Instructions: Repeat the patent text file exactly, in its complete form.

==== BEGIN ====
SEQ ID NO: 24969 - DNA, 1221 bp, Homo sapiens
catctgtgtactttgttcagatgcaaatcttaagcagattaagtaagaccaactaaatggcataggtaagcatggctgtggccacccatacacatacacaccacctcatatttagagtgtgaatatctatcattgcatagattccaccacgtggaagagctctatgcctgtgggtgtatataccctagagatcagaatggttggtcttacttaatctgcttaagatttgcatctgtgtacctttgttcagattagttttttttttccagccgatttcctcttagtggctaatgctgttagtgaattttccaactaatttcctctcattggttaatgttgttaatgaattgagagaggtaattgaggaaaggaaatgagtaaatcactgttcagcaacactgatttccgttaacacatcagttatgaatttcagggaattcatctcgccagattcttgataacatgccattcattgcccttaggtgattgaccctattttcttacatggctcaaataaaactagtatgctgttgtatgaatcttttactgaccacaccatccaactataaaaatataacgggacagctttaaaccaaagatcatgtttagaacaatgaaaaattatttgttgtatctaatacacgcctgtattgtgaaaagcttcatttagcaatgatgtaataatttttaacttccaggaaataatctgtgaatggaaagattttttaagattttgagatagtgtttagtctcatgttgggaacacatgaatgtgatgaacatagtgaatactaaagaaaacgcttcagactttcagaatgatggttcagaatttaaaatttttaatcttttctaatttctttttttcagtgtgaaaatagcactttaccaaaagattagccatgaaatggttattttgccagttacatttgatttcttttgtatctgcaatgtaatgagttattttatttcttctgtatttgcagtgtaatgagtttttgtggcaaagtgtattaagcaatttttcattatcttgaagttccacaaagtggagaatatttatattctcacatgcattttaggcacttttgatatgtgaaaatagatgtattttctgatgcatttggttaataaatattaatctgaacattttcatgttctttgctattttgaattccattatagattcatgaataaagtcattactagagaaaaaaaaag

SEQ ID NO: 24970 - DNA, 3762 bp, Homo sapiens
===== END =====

SEQ ID NO: 24969 - DNA, 1221 bp, Homo sapiens
catctgtgtactttgttcagatgcaaatcttaagcagattaagtaagaccaactaaatggcataggtaagcatggctgtggccacccatacacatacacaccacctcatatttagagtgtgaatatctatcattgcatagattccaccacgtggaagagctctatgcctgtgggtgtatataccctagagatcagaatggttggtcttacttaatctgcttaagatttgcatctgtgtacctttgttcagattagttttttttttccagccgatttcctcttagtggctaatgctgttagtgaattttccaactaatttcctctcattggttaatgttgttaatgaattgagagaggtaattgaggaaaggaaatgagtaaatcactgttcagcaacactgatttccgttaacacatcagttatgaatttcagggaattcatctcgccagattcttgataacatgccattcattgcccttaggtgattgaccctattttcttacatggctcaaataaaactagtatgctgttgtatgaatcttttactgaccacaccatccaactataaaaatataacgggacagctttaaaccaaagatcatgtttagaacaatgaaaaattatttgttgtatctaatacacgcctgtattgtgaaaagcttcatttagcaatgatgtaataatttttaacttccaggaaataatctgtgaatggaaagattttttaagattttgagatagtgtttagtctcatgttgggaacacatgaatgtgatgaacatagtgaatactaaagaaaacgcttcagactttcagaatgatggttcagaatttaaaatttttaatcttttctaatttctttttttcagtgtgaaaatagcactttaccaaaagattagccatgaaatggttattttgccagttacatttgatttcttttgtatctgcaatgtaatgagttattttatttcttctgtatttgcagtgtaatgagtttttgtggcaaagtgtattaagcaatttttcattatcttgaagttccacaaagtggagaatatttatattctcacatgcattttaggcacttttgatatgtgaaaatagatgtattttctgatgcatttggttaataaatattaatctgaacattttcatgttctttgctattttgaattccattatagattcatgaataaagtcattactagagaaaaaaaaag

SEQ ID NO: 24970 - DNA, 3762 bp, Homo sapiens